Teaching Diversity to Toddlers and Preschoolers

The definition of diversity is the condition of having or being comprised of different elements. Few things describe our world better than this simple definition. Diversity fills our planet. There is so much diversity that no person could experience it all in a lifetime. When we hear the term diversity, we often think of cultural or racial diversity, essential distinctions.

But diversity also relates to lifestyle, religion, traditions, abilities, socio-economic status, age, clothing, music, food, etc. Teaching diversity to toddlers and preschoolers at an age-appropriate level, especially for children lacking access to a naturally diverse environment, is essential to their social-emotional development.

There are numerous benefits developmentally to teaching diversity to young children. Chief among the benefits of teaching diversity is the development of empathy. When children can relate to those who may appear, sound, behave, or live differently, they can empathize and relate with them.

Additionally, learning about diversity improves a child’s cognitive skills. For example, children exposed to foreign languages at a young age, especially those who become fluent in two or more languages, perform better academically, have stronger cognitive and problem-solving skills, and advanced language and communication skills.

Teaching diversity to young children may sound complicated, but it’s pretty easy! Parents and early childhood providers can include diversity in their children’s play and daily activities in many simple ways. Here are five simple ways to add more diversity to your child’s playtime!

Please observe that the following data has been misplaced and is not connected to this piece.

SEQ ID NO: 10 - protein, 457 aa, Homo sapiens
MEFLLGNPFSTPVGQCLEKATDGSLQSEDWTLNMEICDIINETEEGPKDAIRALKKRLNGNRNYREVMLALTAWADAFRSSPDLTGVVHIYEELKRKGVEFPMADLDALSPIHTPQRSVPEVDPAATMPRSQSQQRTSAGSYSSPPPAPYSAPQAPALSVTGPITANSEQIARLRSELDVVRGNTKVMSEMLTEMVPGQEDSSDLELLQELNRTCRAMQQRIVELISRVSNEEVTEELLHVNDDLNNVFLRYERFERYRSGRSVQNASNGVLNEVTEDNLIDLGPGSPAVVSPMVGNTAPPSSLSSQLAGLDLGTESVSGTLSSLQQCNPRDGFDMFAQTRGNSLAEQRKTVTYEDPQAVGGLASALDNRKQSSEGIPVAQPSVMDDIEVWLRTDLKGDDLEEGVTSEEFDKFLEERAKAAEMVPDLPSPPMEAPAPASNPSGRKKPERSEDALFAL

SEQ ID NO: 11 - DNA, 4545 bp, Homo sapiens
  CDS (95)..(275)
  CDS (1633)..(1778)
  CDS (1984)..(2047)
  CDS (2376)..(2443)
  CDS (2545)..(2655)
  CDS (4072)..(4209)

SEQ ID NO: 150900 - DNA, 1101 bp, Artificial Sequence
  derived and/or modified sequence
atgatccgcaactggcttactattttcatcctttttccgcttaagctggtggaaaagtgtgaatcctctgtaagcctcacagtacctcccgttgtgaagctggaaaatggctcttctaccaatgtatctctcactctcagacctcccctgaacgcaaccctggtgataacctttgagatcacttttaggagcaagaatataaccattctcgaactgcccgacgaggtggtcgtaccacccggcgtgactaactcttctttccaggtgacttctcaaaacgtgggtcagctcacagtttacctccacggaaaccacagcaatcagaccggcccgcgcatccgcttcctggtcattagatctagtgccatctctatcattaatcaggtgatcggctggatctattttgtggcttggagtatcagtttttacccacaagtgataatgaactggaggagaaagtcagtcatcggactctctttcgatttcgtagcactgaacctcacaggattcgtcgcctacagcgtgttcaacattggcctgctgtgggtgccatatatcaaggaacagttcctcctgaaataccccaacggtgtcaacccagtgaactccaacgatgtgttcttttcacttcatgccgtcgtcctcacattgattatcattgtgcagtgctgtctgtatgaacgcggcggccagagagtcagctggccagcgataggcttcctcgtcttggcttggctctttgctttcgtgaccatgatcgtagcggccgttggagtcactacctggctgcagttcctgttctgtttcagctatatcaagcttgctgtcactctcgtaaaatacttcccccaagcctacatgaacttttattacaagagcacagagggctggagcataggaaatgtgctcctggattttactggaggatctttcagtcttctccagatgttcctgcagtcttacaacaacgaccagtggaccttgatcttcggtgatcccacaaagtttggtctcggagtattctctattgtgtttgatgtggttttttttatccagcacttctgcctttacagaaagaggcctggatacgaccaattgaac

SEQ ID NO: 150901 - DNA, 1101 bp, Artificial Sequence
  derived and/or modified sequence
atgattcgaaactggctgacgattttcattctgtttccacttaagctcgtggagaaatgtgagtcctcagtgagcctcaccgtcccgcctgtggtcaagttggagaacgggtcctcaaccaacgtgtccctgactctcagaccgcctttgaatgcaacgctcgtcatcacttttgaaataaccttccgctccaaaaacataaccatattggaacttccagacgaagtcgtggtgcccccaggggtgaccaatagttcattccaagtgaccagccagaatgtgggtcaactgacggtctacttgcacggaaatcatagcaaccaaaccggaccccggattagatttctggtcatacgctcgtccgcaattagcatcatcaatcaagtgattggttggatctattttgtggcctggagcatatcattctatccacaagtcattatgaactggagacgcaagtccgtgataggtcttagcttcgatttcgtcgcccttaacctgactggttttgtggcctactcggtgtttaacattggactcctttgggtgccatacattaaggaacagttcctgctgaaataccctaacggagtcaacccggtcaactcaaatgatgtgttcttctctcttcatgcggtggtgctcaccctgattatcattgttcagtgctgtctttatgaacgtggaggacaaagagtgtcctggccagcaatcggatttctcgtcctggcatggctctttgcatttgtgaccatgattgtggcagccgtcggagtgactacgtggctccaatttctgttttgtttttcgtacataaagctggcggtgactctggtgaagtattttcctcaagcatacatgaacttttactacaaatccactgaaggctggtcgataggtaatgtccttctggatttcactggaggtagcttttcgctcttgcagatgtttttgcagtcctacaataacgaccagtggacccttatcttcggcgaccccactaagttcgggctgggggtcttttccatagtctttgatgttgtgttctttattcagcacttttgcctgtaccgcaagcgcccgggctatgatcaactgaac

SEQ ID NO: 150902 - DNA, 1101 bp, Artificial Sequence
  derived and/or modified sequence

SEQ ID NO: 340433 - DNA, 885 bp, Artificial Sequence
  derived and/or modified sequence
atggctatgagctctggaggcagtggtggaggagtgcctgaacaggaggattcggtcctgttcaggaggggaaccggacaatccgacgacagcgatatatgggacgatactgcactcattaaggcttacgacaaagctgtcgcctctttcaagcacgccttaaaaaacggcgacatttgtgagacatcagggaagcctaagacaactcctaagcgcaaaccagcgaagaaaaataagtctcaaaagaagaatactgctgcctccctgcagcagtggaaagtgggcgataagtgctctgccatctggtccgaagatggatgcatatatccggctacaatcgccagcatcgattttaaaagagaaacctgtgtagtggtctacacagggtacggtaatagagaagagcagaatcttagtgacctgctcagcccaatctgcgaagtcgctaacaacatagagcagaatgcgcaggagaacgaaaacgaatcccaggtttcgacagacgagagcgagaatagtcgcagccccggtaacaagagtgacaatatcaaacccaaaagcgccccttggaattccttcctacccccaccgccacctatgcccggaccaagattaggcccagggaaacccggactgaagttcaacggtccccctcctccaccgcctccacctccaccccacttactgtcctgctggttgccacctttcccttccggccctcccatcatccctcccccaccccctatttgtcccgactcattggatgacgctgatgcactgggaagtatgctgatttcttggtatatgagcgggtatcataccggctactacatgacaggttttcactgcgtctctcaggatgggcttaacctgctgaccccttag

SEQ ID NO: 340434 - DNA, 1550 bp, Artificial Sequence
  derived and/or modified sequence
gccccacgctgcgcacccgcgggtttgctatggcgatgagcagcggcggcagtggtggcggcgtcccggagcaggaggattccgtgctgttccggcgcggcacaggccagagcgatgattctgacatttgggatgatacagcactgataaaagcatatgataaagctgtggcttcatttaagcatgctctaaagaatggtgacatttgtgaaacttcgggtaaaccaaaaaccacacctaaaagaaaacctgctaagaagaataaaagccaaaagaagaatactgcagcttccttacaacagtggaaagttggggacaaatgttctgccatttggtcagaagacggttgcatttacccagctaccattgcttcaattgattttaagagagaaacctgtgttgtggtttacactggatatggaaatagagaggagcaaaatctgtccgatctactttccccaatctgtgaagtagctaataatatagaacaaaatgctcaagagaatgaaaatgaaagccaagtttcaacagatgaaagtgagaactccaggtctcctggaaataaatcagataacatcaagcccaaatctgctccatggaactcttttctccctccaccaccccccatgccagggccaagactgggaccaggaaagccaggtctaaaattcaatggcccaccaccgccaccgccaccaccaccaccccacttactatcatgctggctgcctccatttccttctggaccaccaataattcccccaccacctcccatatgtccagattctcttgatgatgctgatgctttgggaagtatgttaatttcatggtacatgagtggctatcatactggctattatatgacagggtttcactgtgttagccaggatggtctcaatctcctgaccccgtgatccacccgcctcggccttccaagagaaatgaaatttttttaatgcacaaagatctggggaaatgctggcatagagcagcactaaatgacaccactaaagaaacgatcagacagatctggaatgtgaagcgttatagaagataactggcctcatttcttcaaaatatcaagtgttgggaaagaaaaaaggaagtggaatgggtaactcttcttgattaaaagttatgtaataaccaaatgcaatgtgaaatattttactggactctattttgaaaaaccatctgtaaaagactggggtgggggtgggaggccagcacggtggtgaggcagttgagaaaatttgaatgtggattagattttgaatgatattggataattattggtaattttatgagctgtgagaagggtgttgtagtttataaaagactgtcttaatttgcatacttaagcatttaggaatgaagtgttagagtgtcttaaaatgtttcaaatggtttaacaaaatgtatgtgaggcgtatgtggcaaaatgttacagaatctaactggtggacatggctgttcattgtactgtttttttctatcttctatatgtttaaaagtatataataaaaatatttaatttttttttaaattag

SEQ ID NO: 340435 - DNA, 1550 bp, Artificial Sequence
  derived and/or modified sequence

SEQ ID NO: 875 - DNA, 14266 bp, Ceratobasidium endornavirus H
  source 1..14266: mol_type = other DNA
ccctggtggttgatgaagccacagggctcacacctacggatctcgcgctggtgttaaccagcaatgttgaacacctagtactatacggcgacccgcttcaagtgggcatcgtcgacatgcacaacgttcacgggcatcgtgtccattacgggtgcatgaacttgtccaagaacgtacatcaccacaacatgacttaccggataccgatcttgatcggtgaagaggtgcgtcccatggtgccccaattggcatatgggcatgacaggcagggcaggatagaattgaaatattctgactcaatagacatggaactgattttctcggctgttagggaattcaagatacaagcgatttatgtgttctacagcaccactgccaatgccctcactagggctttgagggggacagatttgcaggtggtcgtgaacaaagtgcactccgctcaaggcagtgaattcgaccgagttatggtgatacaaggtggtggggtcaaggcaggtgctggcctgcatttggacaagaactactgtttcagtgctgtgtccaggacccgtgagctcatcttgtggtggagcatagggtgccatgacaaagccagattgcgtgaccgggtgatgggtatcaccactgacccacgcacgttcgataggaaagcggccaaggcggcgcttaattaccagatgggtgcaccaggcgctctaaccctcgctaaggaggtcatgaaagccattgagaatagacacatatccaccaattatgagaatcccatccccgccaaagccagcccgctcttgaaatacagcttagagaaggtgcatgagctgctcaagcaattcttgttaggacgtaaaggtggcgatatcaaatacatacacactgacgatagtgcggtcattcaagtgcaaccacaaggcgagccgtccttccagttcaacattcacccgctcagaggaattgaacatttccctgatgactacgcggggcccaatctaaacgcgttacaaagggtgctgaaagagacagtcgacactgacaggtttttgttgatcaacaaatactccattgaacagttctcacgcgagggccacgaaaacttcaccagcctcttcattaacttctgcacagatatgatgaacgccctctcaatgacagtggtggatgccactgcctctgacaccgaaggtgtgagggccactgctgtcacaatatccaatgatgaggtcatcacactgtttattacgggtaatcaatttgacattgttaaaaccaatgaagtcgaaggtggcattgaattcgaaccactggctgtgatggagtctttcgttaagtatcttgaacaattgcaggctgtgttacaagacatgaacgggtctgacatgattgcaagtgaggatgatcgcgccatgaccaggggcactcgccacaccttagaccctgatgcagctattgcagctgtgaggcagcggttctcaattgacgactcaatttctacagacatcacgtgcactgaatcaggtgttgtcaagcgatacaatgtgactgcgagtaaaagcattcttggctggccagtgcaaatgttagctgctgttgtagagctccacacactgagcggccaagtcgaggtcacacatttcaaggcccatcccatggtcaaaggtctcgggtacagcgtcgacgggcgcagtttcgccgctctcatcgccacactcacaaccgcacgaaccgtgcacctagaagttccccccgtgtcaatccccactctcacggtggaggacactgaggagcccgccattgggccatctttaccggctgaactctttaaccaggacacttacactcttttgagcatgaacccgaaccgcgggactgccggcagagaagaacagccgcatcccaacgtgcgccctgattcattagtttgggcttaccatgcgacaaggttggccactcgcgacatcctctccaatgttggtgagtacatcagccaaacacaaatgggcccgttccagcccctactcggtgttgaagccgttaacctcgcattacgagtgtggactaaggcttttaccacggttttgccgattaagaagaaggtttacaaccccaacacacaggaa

Listen and Dance to Music

Music is one of the best ways to teach toddlers and preschoolers about diversity. Even within one culture or country, there are many different styles of music. Music exposes children to different types of cultures and even different languages. I cannot sing enough praises about the children’s music company Putumayo! Their albums were a staple in my classroom and home when my children were little. They have everything from African beats to Parisian jazz and relaxing folk to funky reggae!

Free A Young Girl Singing while Looking at Laptop Stock Photo

Children can explore not only other cultures through music but also their own emotions. Dance and music are excellent forms of self-expression. Children regularly exposed to music have improved memory and cognitive function and may perform better at mathematics. Music is stress relieving, and listening to music promotes positive emotions and feelings.

Read Books

Books, like music, invite children into other worlds from the comfort of their own homes. Books are easy to access for free from your public library, or if you have an Amazon Prime account, many free e-books are available. Parents can also sign their kids up for an Amazon Kids+ Account for only $4.99 monthly. A Kids+ Account gives your child access to countless books, educational TV shows, movies, and music!

boy reading book on bed

Parents can use book subscription plans like Bookroo or Literarti to customize books to their child’s likes and skill level. Reading to children daily develops empathy, increases language and communication skills, and furthers cognitive development.

Add Multicultural Dress Up & Play Items